Jesus said of the bread, “This is my body given for you.” The bread is all about sacrifice, and sacrifice is about life given to pay for sins. When we eat the bread, we incorporate Jesus’ sacrifice into our bodies. This means, I believe, that we commit to live–and to die–as Jesus lived and died–for other people.
The word “communion” means “sharing,” and as we take the bread, we commit to share with Jesus a life given for others.
[Our Father in Heaven, as we take this bread, help us to recall the awful price that was paid so we could share in this meal, and Father, please bring to our recollection the full meaning of this ceremony. Help us to truly recommit to live — and to die — as Jesus did.]
This cup symbolizes the blood of Jesus. The scriptures say the “life is in the blood.” As we take this, we participate in the life of Jesus, a life dedicated to serving all whom he came in contact with, a life committed to God’s mission on earth.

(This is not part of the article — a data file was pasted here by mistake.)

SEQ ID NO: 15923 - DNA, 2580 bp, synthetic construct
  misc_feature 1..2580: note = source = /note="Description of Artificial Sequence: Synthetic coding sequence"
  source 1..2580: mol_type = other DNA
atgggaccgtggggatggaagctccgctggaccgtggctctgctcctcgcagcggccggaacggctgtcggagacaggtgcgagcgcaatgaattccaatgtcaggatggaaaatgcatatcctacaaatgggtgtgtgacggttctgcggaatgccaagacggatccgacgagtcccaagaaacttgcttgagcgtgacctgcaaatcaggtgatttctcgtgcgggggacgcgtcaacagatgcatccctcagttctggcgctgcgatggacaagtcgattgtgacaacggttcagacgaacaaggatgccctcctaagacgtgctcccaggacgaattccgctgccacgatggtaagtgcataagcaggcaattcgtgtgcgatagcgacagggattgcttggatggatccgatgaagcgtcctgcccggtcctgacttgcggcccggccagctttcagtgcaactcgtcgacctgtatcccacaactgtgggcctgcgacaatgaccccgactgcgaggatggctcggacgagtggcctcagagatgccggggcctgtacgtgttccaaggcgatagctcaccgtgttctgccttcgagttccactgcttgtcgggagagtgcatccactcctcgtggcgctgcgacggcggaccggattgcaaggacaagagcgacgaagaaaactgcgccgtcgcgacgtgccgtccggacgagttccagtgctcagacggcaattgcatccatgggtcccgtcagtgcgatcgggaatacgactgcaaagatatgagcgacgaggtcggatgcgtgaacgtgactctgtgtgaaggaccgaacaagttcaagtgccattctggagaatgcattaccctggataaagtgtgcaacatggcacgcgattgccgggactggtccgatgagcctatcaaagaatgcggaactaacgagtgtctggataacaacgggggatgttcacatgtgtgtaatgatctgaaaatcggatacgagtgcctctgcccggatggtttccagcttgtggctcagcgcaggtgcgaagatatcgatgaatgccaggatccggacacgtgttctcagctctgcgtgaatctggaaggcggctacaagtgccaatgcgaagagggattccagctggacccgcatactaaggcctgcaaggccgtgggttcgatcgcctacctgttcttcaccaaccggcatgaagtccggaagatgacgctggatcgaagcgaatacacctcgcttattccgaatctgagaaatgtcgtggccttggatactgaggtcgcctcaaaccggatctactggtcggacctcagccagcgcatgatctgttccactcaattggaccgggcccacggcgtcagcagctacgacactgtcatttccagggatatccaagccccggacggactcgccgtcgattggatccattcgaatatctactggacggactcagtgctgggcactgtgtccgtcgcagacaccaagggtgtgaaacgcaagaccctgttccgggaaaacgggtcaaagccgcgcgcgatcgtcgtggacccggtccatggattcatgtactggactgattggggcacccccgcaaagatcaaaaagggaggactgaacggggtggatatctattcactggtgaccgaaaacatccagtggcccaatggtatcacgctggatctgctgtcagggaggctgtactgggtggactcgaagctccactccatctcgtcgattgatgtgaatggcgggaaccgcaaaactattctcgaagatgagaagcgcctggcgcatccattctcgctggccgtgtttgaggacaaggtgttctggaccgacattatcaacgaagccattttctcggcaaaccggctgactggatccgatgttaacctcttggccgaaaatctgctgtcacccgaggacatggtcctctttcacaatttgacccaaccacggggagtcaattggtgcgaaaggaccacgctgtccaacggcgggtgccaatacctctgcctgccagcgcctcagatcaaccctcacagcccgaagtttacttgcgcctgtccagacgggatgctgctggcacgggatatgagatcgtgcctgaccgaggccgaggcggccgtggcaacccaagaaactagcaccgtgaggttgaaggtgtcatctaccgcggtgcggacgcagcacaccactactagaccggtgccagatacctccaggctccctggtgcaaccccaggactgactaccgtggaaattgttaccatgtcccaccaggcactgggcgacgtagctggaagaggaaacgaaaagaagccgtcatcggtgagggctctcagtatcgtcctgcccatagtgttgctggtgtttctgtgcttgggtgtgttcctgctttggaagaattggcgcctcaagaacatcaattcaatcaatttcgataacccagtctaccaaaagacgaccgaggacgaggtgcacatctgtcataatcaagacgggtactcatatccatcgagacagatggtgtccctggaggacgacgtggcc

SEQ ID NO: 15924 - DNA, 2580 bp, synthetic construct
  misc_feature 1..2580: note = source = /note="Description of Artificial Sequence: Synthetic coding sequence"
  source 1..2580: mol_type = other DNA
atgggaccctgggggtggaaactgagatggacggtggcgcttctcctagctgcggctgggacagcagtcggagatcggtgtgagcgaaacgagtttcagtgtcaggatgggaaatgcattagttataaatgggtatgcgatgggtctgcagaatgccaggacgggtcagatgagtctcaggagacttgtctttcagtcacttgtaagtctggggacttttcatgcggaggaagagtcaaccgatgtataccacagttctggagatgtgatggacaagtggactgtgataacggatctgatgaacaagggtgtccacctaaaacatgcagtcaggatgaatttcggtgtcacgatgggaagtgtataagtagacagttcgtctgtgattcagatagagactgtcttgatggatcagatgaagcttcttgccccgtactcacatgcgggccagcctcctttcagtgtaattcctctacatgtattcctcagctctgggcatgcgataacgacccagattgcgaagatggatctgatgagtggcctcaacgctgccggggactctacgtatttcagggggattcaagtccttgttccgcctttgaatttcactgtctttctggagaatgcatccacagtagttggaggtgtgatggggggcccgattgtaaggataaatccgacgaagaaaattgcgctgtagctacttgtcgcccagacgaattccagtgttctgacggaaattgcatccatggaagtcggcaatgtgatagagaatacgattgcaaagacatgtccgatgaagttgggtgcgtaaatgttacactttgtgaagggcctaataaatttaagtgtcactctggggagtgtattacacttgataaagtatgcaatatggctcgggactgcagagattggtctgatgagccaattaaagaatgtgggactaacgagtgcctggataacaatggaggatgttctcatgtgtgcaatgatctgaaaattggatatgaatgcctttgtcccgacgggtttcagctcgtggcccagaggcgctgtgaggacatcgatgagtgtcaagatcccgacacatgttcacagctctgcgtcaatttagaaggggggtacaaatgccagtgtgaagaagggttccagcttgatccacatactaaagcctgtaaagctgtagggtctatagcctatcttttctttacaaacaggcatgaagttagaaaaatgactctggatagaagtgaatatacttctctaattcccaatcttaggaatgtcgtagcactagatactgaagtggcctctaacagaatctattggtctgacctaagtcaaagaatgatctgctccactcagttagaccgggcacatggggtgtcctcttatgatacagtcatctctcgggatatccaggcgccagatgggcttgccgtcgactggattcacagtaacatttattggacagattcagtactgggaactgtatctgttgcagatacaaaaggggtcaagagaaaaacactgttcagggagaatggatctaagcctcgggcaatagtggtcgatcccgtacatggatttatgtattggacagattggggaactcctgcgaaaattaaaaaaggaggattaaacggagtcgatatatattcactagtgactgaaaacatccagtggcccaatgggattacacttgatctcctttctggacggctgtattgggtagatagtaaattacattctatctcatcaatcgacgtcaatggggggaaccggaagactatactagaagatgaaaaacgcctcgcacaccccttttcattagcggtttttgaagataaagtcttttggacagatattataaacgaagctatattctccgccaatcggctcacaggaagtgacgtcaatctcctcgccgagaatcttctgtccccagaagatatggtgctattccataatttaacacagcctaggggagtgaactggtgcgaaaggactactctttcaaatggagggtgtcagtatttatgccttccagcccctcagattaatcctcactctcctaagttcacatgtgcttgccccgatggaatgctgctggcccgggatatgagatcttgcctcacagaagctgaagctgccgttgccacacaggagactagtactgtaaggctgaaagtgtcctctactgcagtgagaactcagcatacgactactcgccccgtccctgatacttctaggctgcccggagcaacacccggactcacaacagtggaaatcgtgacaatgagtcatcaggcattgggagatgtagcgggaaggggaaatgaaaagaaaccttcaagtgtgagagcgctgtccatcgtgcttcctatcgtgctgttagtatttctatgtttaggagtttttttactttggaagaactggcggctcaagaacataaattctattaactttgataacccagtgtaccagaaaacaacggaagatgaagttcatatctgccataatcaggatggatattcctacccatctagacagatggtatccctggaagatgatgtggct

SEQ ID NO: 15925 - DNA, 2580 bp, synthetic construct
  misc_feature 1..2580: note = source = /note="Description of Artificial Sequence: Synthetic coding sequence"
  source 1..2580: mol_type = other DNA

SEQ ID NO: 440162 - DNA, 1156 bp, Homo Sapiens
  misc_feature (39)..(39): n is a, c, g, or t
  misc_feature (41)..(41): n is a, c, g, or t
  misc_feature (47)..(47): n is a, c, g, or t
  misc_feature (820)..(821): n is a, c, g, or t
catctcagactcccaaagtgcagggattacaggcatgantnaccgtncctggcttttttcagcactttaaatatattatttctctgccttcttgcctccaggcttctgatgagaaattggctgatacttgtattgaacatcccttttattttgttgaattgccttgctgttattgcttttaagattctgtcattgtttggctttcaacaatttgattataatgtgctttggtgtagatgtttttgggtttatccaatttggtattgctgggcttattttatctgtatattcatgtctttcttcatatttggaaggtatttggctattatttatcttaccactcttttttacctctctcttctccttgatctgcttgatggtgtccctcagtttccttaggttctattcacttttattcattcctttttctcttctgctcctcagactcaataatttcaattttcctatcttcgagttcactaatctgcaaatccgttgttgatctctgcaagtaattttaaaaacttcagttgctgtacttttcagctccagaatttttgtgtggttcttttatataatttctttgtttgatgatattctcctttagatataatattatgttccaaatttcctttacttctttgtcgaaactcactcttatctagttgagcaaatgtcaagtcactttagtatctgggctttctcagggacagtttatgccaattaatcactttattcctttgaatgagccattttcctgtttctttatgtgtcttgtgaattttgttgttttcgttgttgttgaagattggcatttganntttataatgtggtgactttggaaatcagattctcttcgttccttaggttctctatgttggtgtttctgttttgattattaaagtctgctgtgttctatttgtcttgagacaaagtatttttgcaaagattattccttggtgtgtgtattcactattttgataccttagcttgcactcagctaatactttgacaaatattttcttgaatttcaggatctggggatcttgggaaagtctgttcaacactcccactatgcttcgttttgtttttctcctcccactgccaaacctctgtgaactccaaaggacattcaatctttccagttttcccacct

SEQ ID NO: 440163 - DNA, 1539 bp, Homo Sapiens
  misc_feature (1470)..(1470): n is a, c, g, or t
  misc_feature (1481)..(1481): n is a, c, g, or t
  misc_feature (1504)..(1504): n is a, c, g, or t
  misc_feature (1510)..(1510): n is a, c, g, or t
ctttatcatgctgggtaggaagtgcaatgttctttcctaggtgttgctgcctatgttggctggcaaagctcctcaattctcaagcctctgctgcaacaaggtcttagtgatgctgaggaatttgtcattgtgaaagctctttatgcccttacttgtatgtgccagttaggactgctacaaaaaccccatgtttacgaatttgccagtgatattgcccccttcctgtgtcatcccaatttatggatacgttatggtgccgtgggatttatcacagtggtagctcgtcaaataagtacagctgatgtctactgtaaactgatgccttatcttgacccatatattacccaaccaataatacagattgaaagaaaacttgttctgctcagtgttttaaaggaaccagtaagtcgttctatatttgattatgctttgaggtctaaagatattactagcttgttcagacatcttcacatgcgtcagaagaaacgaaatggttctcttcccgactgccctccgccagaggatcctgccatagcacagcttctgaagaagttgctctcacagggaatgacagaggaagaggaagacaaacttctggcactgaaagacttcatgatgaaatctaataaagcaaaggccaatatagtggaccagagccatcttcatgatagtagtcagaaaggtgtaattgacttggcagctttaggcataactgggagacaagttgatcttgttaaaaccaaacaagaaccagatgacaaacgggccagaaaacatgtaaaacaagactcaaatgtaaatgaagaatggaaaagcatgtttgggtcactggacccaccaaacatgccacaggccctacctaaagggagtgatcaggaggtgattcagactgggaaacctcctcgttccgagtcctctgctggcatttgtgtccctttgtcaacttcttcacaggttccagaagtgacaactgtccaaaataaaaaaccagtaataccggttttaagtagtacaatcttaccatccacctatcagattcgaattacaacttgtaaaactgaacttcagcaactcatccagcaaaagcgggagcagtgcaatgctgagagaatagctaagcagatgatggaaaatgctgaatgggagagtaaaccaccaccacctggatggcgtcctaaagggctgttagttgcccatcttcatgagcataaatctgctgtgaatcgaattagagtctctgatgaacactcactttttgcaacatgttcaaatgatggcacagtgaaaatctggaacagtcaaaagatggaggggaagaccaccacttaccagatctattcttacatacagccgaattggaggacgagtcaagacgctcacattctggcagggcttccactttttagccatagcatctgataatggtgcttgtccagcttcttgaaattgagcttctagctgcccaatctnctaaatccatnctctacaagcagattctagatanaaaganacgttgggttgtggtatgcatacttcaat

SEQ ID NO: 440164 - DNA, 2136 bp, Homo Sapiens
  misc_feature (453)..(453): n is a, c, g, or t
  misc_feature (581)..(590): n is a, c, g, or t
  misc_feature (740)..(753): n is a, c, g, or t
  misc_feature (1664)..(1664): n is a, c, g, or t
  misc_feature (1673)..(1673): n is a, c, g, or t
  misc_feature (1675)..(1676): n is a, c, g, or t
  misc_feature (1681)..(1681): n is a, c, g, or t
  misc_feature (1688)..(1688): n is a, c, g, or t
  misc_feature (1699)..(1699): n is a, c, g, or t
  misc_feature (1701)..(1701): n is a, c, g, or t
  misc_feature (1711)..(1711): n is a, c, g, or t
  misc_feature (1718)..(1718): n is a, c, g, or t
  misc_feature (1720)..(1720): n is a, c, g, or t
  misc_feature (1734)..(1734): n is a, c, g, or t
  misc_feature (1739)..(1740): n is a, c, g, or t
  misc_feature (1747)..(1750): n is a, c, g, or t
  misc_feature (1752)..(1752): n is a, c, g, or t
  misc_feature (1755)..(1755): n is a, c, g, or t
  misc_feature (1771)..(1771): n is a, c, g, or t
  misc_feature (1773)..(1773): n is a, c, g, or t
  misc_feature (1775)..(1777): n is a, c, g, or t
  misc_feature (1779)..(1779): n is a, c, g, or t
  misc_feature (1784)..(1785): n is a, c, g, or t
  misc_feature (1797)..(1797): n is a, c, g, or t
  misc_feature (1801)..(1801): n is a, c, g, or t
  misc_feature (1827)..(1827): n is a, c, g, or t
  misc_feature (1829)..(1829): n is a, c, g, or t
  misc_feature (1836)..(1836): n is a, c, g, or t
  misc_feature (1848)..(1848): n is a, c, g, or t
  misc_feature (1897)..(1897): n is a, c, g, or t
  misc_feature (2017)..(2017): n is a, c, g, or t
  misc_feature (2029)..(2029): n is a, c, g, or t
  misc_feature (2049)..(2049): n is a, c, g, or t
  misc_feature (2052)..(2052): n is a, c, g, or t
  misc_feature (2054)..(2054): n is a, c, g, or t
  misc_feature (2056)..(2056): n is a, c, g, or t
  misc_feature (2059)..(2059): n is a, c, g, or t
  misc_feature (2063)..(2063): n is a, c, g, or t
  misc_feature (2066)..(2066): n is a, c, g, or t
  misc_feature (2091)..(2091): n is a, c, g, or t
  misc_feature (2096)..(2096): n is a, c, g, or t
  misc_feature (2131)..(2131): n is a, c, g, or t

But the wonder … the mystery of the communion is not the ritual; rather, it’s what the ritual means. Each week we are to — thoughtfully, prayerfully — be present with God and re-affirm our repentance and our commitment to be a part of Jesus’ body on earth — and so share in the work of Jesus.
[Father, keep us ever mindful that we have been saved to participate in your Son’s work on the earth, to be his hands, his feet … his body that brings healing, truth, and salvation to a dark, lost world.]